We love ketchup in America! We put it on everything. Even our carpets sometimes. Oops! Learn how to remove ketchup stains from carpet with our tips:
What is your condiment of choice? There are a lot out there. BBQ sauce, mayonnaise, mustard, salsa …
Or maybe you like something a little fancier like aioli? How about hot sauces?
When it comes to hamburgers, hot dogs and french fries there is one classic choice that rules them all. Ketchup. Or catsup.
This tomato-based condiment is an American classic. It can be found in 97% of kitchens in the United States.
There is nothing more American than a hot dog with ketchup, right?
Maybe an apple pie with ketchup. Errr. Maybe not.
Actually, ketchup originated in Southeast Asia. From Asia, it traveled to Europe then finally to the US.
For tips to remove ketchup stains from carpet, scroll to the bottom. For some ketchup fun facts and history, read on:
Fun Ketchup Facts:
- The early Asian form of ketchup does not really resemble the ketchup we know and love today.
- In the beginning, ketchup was a pickled fish brine sauce. Later other fermented vegetables would be added like beans.
- Pickled fish brine sauce. Sounds delicious, right?
- Later ketchup would journey westward to Europe, brought over by Dutch and English sailors in the 1600s.
- This sauce was perfect for sailors and traders because it would last for months without spoiling.
- In the 1700s ketchup became mainstream since the English had access to a variety of spices due to trade.
- By 1740s ketchup would become a common condiment. Pretty much any type of “spiced sauce” was called ketchup.
The first official ketchup recipe was anchovies, cloves, ginger and pepper. We’re not sure that recipe would have been such a hit in the US today? What do you think?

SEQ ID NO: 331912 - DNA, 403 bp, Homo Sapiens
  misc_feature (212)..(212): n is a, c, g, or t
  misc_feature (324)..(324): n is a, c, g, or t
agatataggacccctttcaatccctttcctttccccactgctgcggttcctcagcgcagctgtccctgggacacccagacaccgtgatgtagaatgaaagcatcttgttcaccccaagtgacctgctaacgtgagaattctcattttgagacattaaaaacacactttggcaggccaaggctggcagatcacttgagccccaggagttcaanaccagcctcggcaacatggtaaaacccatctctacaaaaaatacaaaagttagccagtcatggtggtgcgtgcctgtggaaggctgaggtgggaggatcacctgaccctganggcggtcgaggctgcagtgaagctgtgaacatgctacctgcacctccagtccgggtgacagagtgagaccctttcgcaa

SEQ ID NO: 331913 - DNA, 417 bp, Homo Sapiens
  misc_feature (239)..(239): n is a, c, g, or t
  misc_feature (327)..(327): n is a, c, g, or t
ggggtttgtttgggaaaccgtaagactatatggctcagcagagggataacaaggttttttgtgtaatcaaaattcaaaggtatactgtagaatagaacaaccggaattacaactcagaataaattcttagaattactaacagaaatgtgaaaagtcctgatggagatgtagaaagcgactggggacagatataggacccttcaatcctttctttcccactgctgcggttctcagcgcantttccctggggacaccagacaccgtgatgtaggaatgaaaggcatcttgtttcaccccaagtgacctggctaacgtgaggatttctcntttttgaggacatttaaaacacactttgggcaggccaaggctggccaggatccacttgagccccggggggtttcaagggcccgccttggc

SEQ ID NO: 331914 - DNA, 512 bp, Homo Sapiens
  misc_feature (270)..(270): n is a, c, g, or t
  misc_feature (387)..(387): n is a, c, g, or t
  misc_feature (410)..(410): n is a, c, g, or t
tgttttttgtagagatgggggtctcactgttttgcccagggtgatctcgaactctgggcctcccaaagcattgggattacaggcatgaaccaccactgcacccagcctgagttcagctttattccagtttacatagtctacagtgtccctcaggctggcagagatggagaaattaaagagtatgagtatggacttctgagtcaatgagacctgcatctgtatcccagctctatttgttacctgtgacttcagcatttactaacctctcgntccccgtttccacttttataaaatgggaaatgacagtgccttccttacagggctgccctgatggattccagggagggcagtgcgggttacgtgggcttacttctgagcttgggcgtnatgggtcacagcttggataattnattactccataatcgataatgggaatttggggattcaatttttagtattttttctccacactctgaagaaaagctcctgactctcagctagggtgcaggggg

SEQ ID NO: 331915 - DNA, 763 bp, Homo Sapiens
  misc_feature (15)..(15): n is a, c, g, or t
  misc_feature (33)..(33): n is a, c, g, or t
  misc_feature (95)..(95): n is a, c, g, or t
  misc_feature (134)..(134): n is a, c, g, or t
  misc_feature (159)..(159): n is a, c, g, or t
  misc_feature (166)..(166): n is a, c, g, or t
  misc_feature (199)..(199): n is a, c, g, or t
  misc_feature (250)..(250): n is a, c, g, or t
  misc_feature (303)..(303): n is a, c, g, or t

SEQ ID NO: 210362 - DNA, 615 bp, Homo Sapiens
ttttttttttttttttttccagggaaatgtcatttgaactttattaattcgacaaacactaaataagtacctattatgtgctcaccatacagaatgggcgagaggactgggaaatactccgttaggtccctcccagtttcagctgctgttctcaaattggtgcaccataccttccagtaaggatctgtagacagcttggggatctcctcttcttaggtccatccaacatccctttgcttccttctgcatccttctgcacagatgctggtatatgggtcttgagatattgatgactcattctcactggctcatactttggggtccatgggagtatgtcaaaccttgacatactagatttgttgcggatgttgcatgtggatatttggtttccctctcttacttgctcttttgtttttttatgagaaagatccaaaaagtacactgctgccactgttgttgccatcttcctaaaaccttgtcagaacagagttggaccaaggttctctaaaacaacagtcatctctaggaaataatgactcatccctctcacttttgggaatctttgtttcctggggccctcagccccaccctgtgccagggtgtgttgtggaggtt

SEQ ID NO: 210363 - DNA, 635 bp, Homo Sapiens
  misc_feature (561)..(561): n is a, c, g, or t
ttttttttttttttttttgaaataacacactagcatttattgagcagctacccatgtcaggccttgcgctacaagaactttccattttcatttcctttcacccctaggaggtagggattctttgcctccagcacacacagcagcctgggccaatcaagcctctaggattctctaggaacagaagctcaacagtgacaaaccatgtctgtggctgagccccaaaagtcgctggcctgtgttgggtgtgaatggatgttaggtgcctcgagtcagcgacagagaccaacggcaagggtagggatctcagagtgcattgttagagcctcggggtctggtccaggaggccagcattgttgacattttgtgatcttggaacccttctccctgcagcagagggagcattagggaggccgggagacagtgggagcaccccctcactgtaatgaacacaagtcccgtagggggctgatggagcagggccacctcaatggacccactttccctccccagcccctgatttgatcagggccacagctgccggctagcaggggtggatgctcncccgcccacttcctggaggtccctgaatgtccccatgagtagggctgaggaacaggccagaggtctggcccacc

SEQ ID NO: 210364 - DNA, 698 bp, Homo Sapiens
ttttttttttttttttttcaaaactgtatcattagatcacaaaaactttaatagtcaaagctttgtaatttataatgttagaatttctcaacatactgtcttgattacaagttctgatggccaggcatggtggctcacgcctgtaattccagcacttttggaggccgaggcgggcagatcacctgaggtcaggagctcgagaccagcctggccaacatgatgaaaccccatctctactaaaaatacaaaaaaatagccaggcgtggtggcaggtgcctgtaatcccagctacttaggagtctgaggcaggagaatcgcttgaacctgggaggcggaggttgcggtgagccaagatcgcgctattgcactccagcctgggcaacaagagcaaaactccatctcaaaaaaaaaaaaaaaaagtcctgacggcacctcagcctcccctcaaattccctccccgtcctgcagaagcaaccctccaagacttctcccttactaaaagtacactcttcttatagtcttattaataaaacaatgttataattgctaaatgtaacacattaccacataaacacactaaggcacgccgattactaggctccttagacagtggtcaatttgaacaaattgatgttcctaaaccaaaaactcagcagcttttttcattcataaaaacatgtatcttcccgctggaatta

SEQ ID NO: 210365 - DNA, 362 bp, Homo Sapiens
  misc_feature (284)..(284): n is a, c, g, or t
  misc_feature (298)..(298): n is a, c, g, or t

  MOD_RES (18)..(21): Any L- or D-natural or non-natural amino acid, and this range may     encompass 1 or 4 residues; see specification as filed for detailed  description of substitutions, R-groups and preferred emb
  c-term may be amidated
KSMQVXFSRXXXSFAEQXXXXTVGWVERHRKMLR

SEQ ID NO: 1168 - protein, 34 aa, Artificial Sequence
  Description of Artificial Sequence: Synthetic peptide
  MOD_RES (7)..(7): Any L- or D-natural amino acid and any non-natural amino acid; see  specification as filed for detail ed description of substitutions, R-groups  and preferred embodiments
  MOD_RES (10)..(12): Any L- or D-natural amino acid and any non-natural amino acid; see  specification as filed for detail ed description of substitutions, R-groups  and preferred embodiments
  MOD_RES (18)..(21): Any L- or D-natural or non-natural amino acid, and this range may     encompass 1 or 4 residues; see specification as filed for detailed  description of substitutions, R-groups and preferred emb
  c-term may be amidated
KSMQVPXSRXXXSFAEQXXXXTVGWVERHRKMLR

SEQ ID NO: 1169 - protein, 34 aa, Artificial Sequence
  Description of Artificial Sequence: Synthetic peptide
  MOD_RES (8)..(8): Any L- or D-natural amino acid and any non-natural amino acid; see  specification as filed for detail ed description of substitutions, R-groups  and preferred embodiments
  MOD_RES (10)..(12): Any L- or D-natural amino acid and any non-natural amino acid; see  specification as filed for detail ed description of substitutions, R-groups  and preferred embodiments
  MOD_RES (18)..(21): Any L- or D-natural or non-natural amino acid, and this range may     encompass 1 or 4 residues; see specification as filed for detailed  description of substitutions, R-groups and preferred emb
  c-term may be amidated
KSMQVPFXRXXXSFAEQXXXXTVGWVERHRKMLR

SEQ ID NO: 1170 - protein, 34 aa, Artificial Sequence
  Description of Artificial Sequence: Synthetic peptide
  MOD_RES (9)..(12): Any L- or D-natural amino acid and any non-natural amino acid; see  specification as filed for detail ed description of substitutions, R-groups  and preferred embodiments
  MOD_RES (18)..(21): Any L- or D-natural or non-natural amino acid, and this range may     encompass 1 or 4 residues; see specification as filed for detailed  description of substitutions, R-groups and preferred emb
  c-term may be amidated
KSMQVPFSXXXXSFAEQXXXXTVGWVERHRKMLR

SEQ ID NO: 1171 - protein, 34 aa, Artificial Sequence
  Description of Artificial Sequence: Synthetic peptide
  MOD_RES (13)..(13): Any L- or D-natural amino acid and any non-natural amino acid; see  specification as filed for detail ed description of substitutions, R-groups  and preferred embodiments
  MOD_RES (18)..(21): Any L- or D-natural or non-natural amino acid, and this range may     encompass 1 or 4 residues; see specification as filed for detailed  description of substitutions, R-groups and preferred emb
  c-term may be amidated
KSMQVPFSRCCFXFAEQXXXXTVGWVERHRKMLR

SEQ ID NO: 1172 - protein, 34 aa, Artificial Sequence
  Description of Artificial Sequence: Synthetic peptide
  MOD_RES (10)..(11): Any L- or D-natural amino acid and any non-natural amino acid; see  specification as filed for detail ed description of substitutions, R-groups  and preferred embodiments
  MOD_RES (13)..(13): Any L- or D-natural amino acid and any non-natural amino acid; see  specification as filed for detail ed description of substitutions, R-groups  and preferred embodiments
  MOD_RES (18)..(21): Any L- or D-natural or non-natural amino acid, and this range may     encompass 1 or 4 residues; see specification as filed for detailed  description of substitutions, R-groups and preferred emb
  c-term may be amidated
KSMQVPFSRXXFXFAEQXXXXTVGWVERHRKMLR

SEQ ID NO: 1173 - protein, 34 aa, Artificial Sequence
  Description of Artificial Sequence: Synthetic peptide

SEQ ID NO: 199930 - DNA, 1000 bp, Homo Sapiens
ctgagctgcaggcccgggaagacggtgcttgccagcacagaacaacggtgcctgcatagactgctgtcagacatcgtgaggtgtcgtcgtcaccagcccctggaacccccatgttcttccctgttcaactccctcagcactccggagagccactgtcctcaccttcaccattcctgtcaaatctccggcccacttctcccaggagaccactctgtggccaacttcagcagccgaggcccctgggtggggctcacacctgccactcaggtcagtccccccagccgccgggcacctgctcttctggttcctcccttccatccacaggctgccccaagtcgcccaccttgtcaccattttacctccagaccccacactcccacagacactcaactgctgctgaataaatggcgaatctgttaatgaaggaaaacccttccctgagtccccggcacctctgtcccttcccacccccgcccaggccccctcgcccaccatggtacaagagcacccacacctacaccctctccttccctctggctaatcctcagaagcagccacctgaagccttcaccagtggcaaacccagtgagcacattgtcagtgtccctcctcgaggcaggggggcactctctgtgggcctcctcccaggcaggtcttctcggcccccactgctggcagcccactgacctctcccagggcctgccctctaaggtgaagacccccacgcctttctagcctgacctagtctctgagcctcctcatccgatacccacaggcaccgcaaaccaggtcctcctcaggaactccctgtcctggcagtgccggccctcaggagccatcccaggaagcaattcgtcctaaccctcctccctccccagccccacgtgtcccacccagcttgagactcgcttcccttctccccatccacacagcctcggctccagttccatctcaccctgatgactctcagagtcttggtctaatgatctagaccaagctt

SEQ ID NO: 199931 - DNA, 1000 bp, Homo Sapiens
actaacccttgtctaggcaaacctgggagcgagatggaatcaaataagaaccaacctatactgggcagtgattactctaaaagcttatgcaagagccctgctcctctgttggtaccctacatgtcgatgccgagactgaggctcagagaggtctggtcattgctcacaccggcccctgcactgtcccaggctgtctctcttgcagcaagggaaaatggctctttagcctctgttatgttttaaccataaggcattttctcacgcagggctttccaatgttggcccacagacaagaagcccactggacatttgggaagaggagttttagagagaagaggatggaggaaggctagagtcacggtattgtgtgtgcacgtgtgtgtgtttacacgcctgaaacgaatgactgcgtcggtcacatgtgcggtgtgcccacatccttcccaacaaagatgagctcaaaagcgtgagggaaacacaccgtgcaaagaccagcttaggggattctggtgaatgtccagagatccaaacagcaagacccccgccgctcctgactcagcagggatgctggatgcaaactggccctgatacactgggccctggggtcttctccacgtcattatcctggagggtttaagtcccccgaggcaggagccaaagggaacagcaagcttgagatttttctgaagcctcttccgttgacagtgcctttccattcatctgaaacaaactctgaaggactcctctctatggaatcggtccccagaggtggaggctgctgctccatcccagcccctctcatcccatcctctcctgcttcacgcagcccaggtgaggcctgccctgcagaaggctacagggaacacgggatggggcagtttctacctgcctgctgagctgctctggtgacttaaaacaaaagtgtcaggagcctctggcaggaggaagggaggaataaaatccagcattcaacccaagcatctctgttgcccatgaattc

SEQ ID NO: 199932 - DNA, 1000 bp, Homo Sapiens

Eventually, there would be a variety of ketchup. By the 1800s, there was lemon, walnut, oyster, elderberry and beer ketchup to choose from.
Beer ketchup sounds a little more American.
The variety of ketchup would eventually travel to the US along with British colonization during the colonial period.
The US can officially take credit for the first tomato ketchup since tomatoes are native to North America.
“Love apples”, a common term for tomatoes in the 1800s, would make the perfect ketchup. And lead to an American love affair with this condiment.
Ketchup really took off after the Civil War. In 1891, the Merchant Reviews named ketchup “the sauce of sauce”.
Five years later the New York tribune declared the ketchup was America’s national condiment and could be found “on every table in the land.”
So, that’s how the ketchup we now know and love was born.
Now that we know where ketchup comes from let’s talk about how to remove ketchup stains from carpet:
Tips to Remove Ketchup Stains
If a ketchup stain is on your carpet you can use these tips or schedule professional carpet cleaning from Chem-Dry of Snowy Range:
Step 1. Using a clean cloth, blot as much ketchup from carpet as possible. Be careful not to rub, this will spread the stain and work it further into the fiber.
Step 2. In a bucket or bowl mix one tablespoon of liquid hand soap dishwashing detergent with two cups of warm water.
Step 3. Using a new clean cloth sponge the stain with the detergent solution.
Step 4. Continue blotting until the liquid is absorbed into the cloth.
Step 5. Repeat steps 3 and 4 until the ketchup stain is removed from carpet.
Step 6. If the stain has not been completely removed, mix one tablespoon of ammonia with ½ cup warm water.
Note: never mix ammonia and chlorine bleach (the fumes are toxic).
Step 7. Using a fresh white cloth, sponge the ammonia solution onto the stain.
Step 8. Continue blotting until all liquid is absorbed.
Step 9. Sponge with cold water and a fresh clean cloth. Blot dry.
It is important to dry area as much as possible. Water left behind in the fiber can lead to mold and mildew growth.
If these tips didn’t remove ketchup stains, you will want to contact Arevalo Bros Chem-Dry carpet cleaning service.
Chem-Dry of Snowy Range offers professional carpet, tile and upholstery cleaning to local residents and businesses in Laramie, WY.